The result of Multiply is TFunctor<(T2 –> T3 –> TResult, T2)>, where each T2 –> T3 –> TResult function is paired with each T2 value, so that each function can be applied with each value, And TFunctor<(T2 –> T3 –> TResult, T2)> is mapped to TFunctor<(T3 –> TResult)>, which can be applied with TFunctor<T3> in the same way:

```    // Partially apply selector with zs.
IEnumerable<(Func<double, bool>, double)> multiplyWithZs = applyWithYs.Multiply(zs);
IEnumerable<bool> applyWithZs = multiplyWithZs.Select(product =>
{
Func<double, bool> partialAppliedSelector = product.Item1;
double z = product.Item2;
return partialAppliedSelector(z);
});
}```

So Multiply enables applying functor-wrapped functions (TFunctor<T –> TResult>) with functor-wrapped values (TFunctor<TSource>), which returns functor-wrapped results (TFunctor<TResult>). Generally, the Multiply and Select calls can be encapsulated as the following Apply method:

```// Apply: (IEnumerable<TSource -> TResult>, IEnumerable<TSource>) -> IEnumerable<TResult>
public static IEnumerable<TResult> Apply<TSource, TResult>(
this IEnumerable<Func<TSource, TResult>> selectorWrapper, IEnumerable<TSource> source) =>
selectorWrapper.Multiply(source).Select(product => product.Item1(product.Item2));```

So that the above N arity selector application becomes:

```internal static void Apply(IEnumerable<int> xs, IEnumerable<long> ys, IEnumerable<double> zs)
{
Func<int, long, double, bool> selector = (x, y, z) => x + y + z > 0;
// Partially apply selector with xs.
IEnumerable<Func<long, Func<double, bool>>> applyWithXs = xs.Select(selector.Curry());
// Partially apply selector with ys.
IEnumerable<Func<double, bool>> applyWithYs = applyWithXs.Apply(ys);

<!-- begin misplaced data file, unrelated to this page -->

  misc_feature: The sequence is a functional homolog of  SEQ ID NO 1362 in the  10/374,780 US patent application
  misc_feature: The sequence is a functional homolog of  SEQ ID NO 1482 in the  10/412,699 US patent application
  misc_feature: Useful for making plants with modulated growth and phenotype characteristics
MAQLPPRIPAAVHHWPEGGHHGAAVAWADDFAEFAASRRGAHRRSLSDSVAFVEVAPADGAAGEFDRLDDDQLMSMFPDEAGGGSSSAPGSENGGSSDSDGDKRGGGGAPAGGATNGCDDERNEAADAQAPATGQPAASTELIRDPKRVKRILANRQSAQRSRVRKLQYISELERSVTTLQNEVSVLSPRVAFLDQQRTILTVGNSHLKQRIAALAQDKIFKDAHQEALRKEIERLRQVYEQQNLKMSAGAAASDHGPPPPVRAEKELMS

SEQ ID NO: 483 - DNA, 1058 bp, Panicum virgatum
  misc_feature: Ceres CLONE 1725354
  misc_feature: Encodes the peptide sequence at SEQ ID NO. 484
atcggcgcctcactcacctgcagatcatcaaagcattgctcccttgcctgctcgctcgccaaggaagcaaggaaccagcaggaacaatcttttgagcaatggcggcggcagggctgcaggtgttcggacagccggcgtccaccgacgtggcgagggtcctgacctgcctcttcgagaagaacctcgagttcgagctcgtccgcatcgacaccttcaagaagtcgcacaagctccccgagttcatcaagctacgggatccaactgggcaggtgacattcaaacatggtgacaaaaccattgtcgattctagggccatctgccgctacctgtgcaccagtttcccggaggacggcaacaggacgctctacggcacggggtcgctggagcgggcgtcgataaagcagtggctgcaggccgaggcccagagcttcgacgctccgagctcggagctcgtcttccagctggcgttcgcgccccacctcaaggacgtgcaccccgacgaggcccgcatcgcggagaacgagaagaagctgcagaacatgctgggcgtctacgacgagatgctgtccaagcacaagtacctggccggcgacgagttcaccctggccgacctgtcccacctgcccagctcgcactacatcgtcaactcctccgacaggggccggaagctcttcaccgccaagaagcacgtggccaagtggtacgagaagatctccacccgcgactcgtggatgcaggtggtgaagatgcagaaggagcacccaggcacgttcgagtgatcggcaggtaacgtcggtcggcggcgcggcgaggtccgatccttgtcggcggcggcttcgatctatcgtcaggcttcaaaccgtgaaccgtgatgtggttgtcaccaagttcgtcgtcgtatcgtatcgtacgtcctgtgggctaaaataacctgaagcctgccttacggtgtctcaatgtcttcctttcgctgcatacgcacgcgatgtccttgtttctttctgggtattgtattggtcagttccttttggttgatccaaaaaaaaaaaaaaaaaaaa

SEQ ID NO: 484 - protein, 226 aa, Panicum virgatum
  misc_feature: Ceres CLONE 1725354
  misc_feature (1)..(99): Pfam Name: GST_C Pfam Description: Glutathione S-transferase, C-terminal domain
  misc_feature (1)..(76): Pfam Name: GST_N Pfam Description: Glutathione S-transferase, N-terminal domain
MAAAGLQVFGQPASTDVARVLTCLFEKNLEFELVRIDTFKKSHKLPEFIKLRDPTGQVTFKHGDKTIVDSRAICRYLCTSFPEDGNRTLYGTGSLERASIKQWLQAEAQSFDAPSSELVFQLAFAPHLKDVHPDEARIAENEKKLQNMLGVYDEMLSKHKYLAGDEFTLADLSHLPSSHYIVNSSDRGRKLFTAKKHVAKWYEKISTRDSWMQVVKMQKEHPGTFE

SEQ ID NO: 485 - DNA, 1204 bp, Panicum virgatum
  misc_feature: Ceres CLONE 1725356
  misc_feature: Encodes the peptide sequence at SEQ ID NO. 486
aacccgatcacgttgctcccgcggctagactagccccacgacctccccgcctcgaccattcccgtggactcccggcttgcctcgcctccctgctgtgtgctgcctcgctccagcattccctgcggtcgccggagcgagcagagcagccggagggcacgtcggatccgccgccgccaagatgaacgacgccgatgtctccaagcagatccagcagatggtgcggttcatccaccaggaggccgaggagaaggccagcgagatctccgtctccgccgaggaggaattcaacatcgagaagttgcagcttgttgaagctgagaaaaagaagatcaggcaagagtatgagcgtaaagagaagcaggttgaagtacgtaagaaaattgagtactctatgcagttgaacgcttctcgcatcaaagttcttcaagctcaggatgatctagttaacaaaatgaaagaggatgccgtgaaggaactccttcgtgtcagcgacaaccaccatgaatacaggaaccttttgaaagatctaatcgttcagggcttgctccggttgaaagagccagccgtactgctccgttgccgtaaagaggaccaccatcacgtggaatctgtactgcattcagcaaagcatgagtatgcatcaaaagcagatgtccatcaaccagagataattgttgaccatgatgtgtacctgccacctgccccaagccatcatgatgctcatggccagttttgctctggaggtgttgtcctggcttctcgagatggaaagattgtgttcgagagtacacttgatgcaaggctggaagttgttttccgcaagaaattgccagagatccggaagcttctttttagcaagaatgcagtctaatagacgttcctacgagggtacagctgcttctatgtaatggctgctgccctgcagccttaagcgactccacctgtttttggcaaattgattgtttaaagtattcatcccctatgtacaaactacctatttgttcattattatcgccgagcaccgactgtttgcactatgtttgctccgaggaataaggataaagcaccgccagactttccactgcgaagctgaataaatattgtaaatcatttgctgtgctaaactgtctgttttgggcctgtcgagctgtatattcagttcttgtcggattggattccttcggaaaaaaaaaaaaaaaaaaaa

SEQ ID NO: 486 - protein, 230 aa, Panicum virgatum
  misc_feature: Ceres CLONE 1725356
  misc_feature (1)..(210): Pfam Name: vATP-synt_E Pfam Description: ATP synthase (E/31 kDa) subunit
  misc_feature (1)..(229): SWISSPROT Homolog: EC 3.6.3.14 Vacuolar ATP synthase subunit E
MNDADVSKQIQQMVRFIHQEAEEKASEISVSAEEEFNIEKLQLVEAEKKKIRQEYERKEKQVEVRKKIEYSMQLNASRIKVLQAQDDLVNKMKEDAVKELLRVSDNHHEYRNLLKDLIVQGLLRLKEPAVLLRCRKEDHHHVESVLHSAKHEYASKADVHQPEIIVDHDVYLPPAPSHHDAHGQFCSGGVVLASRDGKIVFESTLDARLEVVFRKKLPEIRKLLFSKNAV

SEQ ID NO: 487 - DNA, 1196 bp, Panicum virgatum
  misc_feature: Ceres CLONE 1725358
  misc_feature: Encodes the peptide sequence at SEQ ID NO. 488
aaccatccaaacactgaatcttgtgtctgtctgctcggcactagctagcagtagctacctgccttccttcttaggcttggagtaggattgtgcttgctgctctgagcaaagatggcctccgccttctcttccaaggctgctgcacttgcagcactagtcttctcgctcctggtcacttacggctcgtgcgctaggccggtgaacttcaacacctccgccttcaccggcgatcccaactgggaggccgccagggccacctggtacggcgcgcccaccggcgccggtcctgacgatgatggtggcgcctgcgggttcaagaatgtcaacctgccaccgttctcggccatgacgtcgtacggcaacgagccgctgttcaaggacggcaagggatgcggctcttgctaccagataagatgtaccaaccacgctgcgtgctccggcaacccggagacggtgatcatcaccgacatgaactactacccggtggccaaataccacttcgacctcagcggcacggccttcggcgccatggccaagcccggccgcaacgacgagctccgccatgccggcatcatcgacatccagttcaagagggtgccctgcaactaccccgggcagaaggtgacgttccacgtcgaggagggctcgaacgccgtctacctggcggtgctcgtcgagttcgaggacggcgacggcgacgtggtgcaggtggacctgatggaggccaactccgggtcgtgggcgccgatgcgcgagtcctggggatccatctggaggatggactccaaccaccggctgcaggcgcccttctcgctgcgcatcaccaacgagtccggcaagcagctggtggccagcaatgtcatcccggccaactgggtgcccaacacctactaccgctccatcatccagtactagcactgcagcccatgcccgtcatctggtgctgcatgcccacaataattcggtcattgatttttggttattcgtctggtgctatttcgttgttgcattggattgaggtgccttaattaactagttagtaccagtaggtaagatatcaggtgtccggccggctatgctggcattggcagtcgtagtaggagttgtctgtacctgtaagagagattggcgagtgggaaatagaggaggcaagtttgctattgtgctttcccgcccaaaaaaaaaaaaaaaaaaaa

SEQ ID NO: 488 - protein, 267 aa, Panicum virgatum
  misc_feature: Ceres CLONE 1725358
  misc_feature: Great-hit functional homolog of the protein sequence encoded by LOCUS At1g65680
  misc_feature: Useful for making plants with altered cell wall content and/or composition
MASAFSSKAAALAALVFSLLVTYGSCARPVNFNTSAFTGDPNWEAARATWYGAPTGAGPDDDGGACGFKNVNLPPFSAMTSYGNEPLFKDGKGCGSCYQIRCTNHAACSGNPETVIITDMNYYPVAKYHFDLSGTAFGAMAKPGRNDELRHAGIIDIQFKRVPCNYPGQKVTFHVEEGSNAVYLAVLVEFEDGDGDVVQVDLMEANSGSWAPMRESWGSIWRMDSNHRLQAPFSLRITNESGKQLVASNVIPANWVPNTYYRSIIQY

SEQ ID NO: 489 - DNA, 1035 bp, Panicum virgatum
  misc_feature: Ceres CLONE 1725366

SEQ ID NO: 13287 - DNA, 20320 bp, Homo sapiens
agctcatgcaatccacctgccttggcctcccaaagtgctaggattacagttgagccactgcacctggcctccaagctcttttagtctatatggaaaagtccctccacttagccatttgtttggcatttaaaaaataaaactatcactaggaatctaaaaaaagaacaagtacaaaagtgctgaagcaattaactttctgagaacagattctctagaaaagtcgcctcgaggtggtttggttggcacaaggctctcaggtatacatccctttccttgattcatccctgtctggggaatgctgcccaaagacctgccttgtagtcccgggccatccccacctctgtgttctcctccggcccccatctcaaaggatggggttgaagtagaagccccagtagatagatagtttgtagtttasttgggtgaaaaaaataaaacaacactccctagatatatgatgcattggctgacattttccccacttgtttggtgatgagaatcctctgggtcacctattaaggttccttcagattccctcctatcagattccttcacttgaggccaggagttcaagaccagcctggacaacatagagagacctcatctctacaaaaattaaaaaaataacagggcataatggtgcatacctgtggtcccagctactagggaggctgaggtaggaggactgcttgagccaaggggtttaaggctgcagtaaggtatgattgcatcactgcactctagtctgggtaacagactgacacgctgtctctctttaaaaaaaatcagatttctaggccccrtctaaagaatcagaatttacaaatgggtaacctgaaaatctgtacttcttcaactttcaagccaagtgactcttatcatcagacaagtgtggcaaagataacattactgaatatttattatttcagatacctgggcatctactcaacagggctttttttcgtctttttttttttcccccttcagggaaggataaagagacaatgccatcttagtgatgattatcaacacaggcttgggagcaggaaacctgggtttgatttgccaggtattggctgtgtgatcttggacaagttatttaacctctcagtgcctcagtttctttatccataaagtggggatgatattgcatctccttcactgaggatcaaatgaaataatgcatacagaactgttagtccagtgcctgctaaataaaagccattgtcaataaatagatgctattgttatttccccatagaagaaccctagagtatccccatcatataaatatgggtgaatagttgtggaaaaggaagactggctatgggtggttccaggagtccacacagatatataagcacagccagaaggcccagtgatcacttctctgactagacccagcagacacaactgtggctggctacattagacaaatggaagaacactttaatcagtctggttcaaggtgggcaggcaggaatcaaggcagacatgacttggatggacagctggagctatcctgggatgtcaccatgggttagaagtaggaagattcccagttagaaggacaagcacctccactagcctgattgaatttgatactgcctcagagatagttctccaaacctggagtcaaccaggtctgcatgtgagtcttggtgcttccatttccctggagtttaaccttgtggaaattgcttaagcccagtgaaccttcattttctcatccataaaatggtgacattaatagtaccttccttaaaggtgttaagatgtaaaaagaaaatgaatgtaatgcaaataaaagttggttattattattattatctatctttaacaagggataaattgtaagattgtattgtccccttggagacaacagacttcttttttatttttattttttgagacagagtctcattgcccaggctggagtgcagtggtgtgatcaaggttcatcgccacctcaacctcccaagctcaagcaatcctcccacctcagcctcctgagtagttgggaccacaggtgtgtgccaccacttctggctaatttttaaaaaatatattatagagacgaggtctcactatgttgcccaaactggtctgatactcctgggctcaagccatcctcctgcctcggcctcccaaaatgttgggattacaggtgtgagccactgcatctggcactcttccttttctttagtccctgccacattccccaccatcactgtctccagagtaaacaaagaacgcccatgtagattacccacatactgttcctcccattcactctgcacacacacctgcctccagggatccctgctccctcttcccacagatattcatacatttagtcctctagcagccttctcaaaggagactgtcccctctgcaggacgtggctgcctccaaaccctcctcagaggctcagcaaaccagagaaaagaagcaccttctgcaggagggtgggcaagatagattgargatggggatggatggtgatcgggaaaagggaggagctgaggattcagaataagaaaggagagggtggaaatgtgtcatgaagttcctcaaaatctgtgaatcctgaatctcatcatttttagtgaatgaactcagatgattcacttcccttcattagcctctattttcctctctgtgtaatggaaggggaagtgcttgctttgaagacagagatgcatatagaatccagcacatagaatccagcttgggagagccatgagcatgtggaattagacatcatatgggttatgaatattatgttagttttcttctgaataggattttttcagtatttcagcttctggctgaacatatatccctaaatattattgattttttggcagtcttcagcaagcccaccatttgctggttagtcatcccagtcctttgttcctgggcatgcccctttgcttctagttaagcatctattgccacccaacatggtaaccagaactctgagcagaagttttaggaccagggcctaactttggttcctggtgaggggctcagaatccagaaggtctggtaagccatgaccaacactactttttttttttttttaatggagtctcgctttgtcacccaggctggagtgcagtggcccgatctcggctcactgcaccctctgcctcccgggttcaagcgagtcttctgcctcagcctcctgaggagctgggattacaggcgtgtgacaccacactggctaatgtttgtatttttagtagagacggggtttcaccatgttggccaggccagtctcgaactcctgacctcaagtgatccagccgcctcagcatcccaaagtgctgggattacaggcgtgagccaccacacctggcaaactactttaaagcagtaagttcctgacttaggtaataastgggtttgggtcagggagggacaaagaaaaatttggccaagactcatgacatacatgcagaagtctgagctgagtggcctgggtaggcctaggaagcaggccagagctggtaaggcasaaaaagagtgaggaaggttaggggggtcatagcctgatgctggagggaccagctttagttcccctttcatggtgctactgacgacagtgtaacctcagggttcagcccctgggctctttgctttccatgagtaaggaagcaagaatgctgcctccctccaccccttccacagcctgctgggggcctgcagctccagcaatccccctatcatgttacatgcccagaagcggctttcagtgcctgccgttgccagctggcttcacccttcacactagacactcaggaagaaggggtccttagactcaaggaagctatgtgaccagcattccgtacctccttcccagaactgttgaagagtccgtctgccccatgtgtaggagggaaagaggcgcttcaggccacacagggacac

// Partially apply selector with zs.
IEnumerable<bool> applyWithZs = applyWithYs.Apply(zs);
}```

Applicative functor

A functor, with the above ability to apply functor-wrapped functions with functor-wrapped values, is also called applicative functor. The following is the definition of applicative functor:

```// Cannot be compiled.
public interface IApplicativeFunctor<TApplicativeFunctor<>> : IFunctor<TApplicativeFunctor<>>
where TApplicativeFunctor<> : IApplicativeFunctor<TApplicativeFunctor<>>
{
// From: IFunctor<TApplicativeFunctor<>>:
// Select: (TSource -> TResult) -> (TApplicativeFunctor<TSource> -> TApplicativeFunctor<TResult>)
// Func<TApplicativeFunctor<TSource>, TApplicativeFunctor<TResult>> Select<TSource, TResult>(Func<TSource, TResult> selector);

// Apply: (TApplicativeFunctor<TSource -> TResult>, TApplicativeFunctor<TSource> -> TApplicativeFunctor<TResult>
TApplicativeFunctor<TResult> Apply<TSource, TResult>(
TApplicativeFunctor<Func<TSource, TResult>> selectorWrapper, TApplicativeFunctor<TSource> source);

// Wrap: TSource -> TApplicativeFunctor<TSource>
TApplicativeFunctor<TSource> Wrap<TSource>(TSource value);
}```

And applicative functor must satisfy the applicative laws:

• Functor preservation: applying function is equivalent to applying functor-wrapped function
• Identity preservation: applying functor-wrapped identity function, is equivalent to doing nothing.
• Composition preservation: functor-wrapped functions can be composed by applying.
• Homomorphism: applying functor-wrapped function with functor-wrapped value, is equivalent to functor-wrapping the result of applying that function with that value.